Prime Minister Hun Sen yesterday ordered ruling Cambodian People’s Party officials to investigate opposition party members who routinely “insult” the CPP leadership, threatening to suspend a long-sought detente between the two parties if the behaviour did not cease.
The warning shot comes as Cambodia National Rescue Party head Sam Rainsy seeks a meeting with Hun Sen to discuss the country’s land-dispute epidemic.
Hun Sen and Rainsy began a “culture of dialogue” after reaching an agreement in July last year to end a nearly year-long period of political limbo since the 2013 general election.
The two leaders made a highly symbolic public appearance together at the Angkor Archeological Park during Khmer New Year, which royalist Funcinpec party president Prince Norodom Ranariddh lampooned as looking “like a couple on their honeymoon”.
But Hun Sen yesterday made clear that he remained irritated with CNRP deputy president Kem Sokha and other officials who have taken a more hardline stance on the relationship between the two parties.
The culture of dialogue, the premier said, could only continue so long as lower-level opposition officials stopped “insulting” the CPP, which he said was too often the victim of slander.
“Examine from behind the scenes whether or not they [CNRP officials] say our minds are Vietnamese and only our bodies Cambodian, that I am a communist dictator and other slurs. We have to check this because His Excellency Sam Rainsy has announced there should be no insults to one another,” he said.
Hun Sen warned the CNRP last month that the culture of dialogue would be in jeopardy if it did not rein in deputy president Kem Sokha, who has made a number of fiery speeches challenging the CPP in recent months. Rainsy subsequently told the party to temper its rhetoric.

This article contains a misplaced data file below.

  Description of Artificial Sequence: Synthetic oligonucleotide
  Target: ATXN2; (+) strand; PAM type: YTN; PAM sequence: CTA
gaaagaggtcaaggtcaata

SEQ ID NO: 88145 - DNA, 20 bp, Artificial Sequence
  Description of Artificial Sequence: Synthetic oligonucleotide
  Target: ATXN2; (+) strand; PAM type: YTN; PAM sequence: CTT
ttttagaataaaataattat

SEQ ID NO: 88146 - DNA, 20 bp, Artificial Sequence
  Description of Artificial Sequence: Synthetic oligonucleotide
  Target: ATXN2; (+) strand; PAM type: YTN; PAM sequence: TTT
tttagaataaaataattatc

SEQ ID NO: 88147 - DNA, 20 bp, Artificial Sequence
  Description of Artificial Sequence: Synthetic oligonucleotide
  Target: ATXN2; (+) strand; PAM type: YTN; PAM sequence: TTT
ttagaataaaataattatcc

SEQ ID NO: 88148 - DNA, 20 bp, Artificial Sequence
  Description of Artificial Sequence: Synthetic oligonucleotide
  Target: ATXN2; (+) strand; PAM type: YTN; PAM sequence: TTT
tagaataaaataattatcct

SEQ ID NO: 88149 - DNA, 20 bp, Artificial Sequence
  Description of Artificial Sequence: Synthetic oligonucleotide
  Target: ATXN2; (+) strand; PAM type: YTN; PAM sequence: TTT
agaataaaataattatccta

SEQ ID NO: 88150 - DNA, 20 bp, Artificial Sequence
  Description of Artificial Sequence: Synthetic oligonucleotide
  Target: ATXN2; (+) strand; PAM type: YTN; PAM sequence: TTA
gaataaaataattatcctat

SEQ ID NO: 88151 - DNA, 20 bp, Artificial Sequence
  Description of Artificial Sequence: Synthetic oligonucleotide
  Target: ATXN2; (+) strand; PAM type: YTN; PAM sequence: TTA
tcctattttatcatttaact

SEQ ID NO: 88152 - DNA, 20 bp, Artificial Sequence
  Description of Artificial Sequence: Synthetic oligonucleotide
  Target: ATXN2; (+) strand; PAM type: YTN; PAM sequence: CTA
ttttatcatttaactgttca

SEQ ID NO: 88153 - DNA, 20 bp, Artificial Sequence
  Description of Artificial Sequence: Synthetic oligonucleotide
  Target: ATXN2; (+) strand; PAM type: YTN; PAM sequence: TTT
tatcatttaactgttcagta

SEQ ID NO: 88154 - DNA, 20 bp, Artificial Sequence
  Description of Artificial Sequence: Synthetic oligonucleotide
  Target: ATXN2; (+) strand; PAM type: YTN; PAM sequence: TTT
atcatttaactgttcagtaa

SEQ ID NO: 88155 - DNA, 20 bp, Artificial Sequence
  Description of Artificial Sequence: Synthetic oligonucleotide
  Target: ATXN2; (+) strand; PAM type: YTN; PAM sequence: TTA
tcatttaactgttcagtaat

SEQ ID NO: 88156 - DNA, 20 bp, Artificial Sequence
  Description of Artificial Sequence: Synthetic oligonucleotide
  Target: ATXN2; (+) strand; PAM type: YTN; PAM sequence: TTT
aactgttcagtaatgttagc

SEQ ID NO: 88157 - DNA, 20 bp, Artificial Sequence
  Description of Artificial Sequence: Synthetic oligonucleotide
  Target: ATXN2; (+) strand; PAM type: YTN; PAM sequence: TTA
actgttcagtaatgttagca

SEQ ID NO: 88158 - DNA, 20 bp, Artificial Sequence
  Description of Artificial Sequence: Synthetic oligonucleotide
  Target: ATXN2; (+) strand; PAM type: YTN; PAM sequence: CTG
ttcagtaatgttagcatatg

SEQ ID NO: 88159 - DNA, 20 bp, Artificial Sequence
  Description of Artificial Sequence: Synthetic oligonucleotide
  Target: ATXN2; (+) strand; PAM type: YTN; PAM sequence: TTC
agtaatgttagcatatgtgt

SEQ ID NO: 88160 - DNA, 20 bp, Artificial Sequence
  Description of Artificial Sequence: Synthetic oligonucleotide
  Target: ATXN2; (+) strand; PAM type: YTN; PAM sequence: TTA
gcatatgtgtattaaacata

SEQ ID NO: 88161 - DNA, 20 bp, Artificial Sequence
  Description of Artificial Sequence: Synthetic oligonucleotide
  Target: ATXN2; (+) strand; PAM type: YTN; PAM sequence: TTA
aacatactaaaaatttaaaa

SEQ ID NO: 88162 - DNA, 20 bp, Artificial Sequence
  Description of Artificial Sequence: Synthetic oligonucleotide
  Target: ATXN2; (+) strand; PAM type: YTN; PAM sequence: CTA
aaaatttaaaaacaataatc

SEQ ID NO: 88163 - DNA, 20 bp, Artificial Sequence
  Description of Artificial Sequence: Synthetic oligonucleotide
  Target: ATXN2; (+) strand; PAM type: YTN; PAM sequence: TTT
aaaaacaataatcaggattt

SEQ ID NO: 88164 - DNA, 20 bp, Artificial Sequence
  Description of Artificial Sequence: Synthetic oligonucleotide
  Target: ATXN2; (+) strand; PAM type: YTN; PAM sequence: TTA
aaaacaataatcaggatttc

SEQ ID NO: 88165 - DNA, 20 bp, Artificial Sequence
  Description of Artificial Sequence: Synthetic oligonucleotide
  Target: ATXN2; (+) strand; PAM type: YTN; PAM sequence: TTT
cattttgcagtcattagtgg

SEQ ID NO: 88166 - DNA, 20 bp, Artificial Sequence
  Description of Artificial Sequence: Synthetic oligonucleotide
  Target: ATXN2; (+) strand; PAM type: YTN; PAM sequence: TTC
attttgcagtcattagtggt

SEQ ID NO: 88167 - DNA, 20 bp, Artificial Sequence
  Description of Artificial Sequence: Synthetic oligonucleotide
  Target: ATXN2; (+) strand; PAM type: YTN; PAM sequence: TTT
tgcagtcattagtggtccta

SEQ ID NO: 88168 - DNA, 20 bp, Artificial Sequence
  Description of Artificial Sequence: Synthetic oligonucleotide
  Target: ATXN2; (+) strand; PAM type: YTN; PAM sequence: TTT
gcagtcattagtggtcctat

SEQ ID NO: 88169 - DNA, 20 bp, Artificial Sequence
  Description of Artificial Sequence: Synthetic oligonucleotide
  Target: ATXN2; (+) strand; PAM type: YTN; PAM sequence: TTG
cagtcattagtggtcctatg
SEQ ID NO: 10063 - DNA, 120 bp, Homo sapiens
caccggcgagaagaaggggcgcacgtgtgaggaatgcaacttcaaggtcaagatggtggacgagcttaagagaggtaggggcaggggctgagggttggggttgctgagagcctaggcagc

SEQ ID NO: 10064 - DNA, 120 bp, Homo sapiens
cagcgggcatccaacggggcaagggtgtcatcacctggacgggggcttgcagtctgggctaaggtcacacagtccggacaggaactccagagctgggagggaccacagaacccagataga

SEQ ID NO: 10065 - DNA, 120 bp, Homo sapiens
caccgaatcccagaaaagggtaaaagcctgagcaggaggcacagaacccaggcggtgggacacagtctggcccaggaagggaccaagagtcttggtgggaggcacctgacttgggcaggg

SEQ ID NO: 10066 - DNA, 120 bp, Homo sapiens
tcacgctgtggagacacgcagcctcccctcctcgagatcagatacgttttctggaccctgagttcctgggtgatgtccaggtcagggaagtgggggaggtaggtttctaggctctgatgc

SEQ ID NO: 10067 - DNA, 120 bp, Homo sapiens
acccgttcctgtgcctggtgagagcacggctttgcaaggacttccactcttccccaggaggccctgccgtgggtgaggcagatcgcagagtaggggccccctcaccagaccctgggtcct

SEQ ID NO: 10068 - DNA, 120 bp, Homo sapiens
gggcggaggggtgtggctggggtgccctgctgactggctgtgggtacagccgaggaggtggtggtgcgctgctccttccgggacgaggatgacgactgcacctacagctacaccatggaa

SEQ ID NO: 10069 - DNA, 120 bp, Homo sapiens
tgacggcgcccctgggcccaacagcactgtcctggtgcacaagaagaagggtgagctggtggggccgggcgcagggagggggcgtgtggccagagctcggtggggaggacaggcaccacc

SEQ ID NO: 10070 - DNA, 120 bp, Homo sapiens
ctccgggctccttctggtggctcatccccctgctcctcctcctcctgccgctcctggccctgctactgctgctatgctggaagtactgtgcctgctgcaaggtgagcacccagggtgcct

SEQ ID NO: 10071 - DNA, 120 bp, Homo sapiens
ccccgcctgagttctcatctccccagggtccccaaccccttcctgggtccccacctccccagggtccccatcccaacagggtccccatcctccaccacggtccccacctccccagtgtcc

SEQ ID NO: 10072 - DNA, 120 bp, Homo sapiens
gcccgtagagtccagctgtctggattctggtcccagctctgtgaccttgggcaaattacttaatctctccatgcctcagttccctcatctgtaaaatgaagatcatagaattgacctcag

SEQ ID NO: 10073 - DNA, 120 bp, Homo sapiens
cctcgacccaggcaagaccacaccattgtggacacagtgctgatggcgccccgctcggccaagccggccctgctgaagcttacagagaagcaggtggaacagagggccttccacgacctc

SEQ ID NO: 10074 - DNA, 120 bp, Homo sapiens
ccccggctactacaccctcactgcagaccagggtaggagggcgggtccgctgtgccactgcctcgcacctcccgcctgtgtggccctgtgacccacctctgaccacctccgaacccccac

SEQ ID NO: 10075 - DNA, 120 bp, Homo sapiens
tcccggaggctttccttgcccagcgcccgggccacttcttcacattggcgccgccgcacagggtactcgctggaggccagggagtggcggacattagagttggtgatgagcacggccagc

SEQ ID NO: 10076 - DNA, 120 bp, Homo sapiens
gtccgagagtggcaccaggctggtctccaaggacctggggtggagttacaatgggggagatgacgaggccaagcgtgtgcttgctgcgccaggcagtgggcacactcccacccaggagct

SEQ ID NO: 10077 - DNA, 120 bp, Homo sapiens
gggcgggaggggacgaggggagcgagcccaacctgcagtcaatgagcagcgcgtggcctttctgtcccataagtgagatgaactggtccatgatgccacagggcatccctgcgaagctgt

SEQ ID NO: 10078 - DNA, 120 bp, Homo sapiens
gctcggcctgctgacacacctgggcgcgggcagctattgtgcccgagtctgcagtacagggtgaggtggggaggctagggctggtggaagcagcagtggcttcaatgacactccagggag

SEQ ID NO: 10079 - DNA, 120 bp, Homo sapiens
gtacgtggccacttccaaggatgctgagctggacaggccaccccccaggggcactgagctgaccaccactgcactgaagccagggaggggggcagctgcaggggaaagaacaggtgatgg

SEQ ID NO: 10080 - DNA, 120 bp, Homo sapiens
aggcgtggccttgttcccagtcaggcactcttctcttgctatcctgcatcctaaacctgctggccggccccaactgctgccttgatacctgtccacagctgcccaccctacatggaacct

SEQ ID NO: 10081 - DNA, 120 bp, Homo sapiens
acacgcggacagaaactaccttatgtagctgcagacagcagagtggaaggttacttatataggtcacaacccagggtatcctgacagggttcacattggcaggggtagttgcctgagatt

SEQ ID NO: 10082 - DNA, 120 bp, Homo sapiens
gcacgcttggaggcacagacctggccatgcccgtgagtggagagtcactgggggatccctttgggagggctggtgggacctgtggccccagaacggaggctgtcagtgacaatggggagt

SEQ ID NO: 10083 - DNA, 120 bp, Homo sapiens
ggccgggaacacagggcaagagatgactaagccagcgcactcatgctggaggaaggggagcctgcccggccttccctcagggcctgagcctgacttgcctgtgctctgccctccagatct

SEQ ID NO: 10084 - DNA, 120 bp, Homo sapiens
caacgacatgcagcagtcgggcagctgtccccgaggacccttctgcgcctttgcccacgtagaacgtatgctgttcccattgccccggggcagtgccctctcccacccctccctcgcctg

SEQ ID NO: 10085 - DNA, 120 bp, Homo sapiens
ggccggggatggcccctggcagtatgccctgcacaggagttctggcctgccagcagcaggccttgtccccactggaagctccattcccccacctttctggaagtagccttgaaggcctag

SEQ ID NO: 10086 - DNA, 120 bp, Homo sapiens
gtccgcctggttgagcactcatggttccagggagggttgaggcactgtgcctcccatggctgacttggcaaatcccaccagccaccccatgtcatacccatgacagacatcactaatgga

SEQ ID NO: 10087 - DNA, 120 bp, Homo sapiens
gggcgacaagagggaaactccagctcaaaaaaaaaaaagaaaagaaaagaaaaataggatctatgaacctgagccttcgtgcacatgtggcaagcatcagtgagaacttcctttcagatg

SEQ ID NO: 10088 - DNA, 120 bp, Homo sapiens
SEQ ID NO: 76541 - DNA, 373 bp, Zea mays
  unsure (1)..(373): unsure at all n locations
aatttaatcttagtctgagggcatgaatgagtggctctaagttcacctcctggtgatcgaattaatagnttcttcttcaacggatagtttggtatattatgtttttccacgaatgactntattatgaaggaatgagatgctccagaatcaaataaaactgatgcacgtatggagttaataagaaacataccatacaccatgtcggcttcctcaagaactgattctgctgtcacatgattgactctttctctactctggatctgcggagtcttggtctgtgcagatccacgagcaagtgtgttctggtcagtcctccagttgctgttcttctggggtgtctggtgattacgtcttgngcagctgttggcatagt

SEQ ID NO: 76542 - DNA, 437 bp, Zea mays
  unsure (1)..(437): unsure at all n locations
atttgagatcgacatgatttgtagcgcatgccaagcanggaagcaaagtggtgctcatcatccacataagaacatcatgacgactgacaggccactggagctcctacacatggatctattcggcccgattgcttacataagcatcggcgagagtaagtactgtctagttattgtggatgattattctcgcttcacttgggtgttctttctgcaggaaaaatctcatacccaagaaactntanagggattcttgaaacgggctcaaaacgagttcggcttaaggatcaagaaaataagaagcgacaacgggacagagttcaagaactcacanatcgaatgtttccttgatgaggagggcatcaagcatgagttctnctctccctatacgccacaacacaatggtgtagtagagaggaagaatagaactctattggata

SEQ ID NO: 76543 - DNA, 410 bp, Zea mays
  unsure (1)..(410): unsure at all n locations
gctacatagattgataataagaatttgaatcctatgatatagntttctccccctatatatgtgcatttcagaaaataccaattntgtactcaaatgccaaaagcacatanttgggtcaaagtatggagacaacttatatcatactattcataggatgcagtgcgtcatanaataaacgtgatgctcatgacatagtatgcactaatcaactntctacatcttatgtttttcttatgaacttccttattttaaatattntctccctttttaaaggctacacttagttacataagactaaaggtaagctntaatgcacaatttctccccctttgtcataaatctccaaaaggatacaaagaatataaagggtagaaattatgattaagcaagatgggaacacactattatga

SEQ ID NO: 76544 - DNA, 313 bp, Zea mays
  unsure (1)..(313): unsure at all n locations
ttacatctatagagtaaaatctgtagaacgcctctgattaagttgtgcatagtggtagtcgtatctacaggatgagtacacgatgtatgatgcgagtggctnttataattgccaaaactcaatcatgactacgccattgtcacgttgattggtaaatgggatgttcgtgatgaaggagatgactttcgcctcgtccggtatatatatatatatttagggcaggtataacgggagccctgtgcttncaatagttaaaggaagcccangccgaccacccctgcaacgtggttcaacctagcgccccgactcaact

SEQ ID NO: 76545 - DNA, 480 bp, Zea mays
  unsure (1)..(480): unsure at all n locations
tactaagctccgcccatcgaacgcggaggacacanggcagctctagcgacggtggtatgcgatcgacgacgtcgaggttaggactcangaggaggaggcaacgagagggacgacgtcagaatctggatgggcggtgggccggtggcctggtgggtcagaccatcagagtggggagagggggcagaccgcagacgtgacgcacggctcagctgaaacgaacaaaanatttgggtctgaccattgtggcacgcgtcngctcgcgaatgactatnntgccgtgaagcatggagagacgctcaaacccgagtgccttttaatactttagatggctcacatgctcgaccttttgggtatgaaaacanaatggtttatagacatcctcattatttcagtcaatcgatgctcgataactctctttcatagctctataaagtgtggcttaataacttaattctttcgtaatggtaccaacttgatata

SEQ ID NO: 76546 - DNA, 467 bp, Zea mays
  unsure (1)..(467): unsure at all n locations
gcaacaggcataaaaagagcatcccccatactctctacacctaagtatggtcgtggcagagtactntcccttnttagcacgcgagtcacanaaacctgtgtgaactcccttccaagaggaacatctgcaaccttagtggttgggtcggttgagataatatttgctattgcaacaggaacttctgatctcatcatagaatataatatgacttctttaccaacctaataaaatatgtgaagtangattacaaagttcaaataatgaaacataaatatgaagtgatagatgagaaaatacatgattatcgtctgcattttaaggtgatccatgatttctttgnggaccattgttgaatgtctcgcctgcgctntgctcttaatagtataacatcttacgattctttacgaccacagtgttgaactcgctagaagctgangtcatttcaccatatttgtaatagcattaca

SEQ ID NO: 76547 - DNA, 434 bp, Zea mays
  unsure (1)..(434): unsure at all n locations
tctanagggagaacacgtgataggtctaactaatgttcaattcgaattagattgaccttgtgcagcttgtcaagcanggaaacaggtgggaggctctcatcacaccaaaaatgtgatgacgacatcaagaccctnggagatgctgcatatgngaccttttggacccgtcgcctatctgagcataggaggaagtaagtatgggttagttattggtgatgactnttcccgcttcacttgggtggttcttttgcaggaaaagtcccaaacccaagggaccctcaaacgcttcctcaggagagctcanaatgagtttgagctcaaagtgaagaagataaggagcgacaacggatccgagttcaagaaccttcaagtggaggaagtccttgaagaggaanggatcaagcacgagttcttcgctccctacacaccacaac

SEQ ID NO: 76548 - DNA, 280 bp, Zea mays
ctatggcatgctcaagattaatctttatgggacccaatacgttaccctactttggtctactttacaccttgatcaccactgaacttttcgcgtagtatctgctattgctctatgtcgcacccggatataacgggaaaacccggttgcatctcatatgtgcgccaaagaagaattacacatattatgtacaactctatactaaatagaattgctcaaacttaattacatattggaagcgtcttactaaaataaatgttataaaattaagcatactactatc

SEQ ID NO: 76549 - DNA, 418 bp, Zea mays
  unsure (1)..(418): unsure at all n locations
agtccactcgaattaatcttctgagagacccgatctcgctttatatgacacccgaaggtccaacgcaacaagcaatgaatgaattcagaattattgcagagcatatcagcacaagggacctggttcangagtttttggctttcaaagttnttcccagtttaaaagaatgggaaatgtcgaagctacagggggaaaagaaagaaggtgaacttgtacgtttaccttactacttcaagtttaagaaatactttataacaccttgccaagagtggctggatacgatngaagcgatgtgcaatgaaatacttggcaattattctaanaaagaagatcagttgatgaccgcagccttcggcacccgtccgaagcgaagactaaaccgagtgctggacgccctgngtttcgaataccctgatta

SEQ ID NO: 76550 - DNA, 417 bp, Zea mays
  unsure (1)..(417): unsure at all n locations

Say Chhum, a veteran CPP politician, was told to lead the inquiry into who was still slandering the CPP.
“I thank those people who supported the culture of dialogue and those in the opposition who do not intend to insult [the CPP] or think of us as rivals or the enemy,” Hun Sen said.
Yem Ponharith, a CNRP spokesman, said that the party agreed with Hun Sen that the culture of dialogue should also be respected throughout the country and at all levels.
On Friday, the opposition issued a statement to local officials ordering them not to resort to insults or threats when campaigning on key party issues, such as sovereignty, illegal immigration, protection of natural resources, judicial reform and corruption.
“We have educated our sub-national authorities to adhere to a high standard of morality of speech and good governance,” Ponharith said. “We need to be transparent and don’t want to see this culture lead to illegal activities where the blame can be placed at the feet of the CNRP.”
Despite causing friction with more hardline party members and supporters, the opposition appears set on continuing cooperation with the ruling party. Rainsy said last week that he was “not afraid to lose some support and voters in the short-term” as a result.
Sokha on Sunday announced that Rainsy was seeking to meet Hun Sen to discuss the resolution of land disputes – an issue the CNRP campaigned on at election time – which he blamed on sub-national government officials who fail to report the truth to their superiors.
Speaking to villagers in Kratie province’s Chhlong district, he said “only the culture of dialogue can address the [land dispute] matters and if it cannot settle them, it will be finished”.
At the same event, Rainsy said he would inform Hun Sen of the “true story” of Cambodia’s land crisis. “Provincial and local authorities are always reporting false information,” he said.